The Reading Cure and the Madness of Big Pharma

By Appignanesi, Lisa | New Statesman (1996), January 26, 2009 | Go to article overview

The Reading Cure and the Madness of Big Pharma


Appignanesi, Lisa, New Statesman (1996)


Back from a late break and the inbox is filled to bursting, not only with the demands of work and life, but with hundreds of petitions, blog alerts and calls to march against the war in Gaza. Much as I know it's too hideously true, I cannot quite believe the horror the Israelis have unleashed in the brief span before Obama brings in a new order (we hope). So when I open an email bearing a letter from the Board of Deputies of British Jews, I am overjoyed. Sanity has broken through: "The Board calls for an immediate ceasefire, immediate negotiations between Israel and Hamas, and for lifting the economic blockade of Gaza, in order to allow the Gazan and Israeli people to live together in peace. There is no military solution, only a political one." Some 20 emails up, I learn the letter is a hoax. Tragic madness is once more enshrined.

I lunch with Andrew Franklin, chief honcho of Profile Books, and the philosopher/anthropologist Steven Lukes, whose Moral Relativism, the latest in the Big Ideas series I edit for them, is launched this month. Lukes' book probes the question of whether we really do have divergent views about good and evil, dignity and humiliation, or whether an underlying commonality exists. About Gaza, we agree there is no moral relativism and no argument. So we tell jokes, all of which seem to have divergent punchlines.

On to a lecture at Birkbeck by the American psychologist Gail Hornstein, who among much else maintains an online bibliography listing first-person narratives of madness from the 14th century on. These constitute an alternative history of psychiatry and its colonising classifications. As the bible of the profession, the Diagnostic and Statistical Manual of Mental Disorders, gears up for a new and even bigger edition, it sometimes seems as if all of human behaviour--except perhaps war--will fall on the side of that madness, which Big Pharma and the doctors can treat. It really would be nice to wake up in a brave new world where "social anxiety disorder" had re-emerged as shyness, treatable by friendship rather than antidepressant or anti-anxiety drugs; and Big Pharma had turned its attention to creating and treating illnesses such as WMS (war-mongering syndrome) or FBIM (financial bubble inducement mania). Bye-bye attention deficit hyperactivity disorder, which all of us who email and surf the internet suffer from and is really a part of a 21st century condition called being human.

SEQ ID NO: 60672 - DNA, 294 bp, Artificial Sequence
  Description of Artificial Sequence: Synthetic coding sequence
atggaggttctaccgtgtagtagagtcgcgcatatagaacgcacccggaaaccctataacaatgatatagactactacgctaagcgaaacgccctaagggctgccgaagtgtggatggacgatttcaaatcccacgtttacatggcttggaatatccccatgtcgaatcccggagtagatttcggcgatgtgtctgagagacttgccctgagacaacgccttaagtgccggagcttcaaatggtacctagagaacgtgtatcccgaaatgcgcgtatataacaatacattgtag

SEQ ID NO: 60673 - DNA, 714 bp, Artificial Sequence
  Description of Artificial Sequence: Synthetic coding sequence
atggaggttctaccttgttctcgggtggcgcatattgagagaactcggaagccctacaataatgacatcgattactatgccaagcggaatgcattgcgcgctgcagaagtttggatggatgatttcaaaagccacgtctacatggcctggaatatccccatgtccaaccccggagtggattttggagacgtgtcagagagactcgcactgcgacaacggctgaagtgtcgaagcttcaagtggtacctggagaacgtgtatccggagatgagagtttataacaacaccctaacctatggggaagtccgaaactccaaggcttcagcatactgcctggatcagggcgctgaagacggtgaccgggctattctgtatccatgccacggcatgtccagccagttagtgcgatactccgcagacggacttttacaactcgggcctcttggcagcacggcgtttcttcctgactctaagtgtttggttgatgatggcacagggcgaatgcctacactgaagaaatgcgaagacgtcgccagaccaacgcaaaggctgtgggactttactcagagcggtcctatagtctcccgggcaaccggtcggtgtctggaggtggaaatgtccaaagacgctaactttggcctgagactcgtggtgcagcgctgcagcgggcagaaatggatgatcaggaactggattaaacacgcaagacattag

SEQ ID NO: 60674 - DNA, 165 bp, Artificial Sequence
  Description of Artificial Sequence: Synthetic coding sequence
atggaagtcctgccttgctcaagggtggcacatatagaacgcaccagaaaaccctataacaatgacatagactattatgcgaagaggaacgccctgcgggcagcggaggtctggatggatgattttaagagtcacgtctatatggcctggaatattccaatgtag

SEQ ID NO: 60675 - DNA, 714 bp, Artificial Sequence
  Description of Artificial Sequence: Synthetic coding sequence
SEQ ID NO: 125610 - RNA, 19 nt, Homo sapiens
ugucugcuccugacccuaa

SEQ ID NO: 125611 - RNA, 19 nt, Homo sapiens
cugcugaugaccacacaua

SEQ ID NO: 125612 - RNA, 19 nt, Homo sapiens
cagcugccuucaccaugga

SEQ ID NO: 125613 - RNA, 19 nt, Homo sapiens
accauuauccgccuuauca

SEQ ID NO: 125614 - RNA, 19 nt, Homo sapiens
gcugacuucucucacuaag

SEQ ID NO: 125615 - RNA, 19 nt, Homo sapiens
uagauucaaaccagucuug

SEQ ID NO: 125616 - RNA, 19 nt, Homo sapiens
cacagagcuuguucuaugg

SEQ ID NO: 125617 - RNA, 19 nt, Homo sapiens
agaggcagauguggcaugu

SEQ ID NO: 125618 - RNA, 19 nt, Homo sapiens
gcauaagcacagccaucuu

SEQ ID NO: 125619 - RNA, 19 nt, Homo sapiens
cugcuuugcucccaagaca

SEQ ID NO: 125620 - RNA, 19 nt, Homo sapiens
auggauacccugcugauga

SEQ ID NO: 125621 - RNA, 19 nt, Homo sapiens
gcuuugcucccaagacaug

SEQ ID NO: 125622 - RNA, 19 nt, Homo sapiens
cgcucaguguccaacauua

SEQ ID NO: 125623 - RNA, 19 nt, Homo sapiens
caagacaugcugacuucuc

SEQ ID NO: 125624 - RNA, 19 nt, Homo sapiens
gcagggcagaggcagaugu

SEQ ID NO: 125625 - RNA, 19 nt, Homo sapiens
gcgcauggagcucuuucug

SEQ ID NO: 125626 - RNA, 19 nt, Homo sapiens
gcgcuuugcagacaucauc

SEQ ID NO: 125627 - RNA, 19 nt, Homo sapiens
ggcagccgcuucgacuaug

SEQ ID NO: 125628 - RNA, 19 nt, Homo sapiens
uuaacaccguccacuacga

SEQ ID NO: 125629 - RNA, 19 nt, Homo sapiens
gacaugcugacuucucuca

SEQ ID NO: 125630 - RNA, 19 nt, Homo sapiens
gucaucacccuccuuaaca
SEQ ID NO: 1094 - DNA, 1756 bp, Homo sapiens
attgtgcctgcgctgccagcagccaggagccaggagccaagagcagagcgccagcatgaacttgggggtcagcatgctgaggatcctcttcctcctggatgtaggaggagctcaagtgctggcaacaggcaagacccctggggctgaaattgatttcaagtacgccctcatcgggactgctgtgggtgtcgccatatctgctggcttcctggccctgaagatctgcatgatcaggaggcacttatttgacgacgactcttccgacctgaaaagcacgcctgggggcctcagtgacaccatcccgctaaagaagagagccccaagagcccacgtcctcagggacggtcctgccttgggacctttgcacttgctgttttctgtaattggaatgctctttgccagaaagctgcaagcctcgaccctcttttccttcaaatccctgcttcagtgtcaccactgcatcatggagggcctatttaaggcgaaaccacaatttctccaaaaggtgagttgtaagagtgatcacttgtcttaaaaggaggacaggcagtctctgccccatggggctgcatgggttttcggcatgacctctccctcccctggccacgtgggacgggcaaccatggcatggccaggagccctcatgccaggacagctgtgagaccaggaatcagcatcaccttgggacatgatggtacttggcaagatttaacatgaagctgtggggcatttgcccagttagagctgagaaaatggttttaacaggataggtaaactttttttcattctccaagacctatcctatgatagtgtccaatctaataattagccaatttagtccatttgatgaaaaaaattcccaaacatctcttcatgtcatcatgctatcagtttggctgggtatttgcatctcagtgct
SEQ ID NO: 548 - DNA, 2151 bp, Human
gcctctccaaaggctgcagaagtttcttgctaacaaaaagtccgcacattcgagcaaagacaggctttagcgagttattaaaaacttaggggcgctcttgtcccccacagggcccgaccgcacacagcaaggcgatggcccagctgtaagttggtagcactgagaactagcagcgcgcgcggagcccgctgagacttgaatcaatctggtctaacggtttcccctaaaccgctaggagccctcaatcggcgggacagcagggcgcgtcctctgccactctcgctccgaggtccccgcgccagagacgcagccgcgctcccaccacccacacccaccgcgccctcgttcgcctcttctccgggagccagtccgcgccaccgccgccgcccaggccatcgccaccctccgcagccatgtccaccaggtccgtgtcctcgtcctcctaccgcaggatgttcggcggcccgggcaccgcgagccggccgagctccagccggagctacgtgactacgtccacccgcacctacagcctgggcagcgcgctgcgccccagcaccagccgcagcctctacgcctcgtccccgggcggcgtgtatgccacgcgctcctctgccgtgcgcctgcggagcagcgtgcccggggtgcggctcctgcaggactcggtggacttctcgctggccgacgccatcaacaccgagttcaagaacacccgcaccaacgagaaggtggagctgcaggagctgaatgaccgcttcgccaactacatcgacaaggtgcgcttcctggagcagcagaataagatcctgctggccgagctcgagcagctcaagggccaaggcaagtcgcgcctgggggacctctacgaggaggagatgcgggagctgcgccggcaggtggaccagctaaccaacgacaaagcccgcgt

Later that evening, I go to a panel discussion on "the reading cure" held by The Reader Organisation in partnership with The Lancet. …

The rest of this article is only available to active members of Questia

Sign up now for a free, 1-day trial and receive full access to:

  • Questia's entire collection
  • Automatic bibliography creation
  • More helpful research tools like notes, citations, and highlights
  • Ad-free environment

Already a member? Log in now.

Notes for this article

Add a new note
If you are trying to select text to create highlights or citations, remember that you must now click or tap on the first word, and then click or tap on the last word.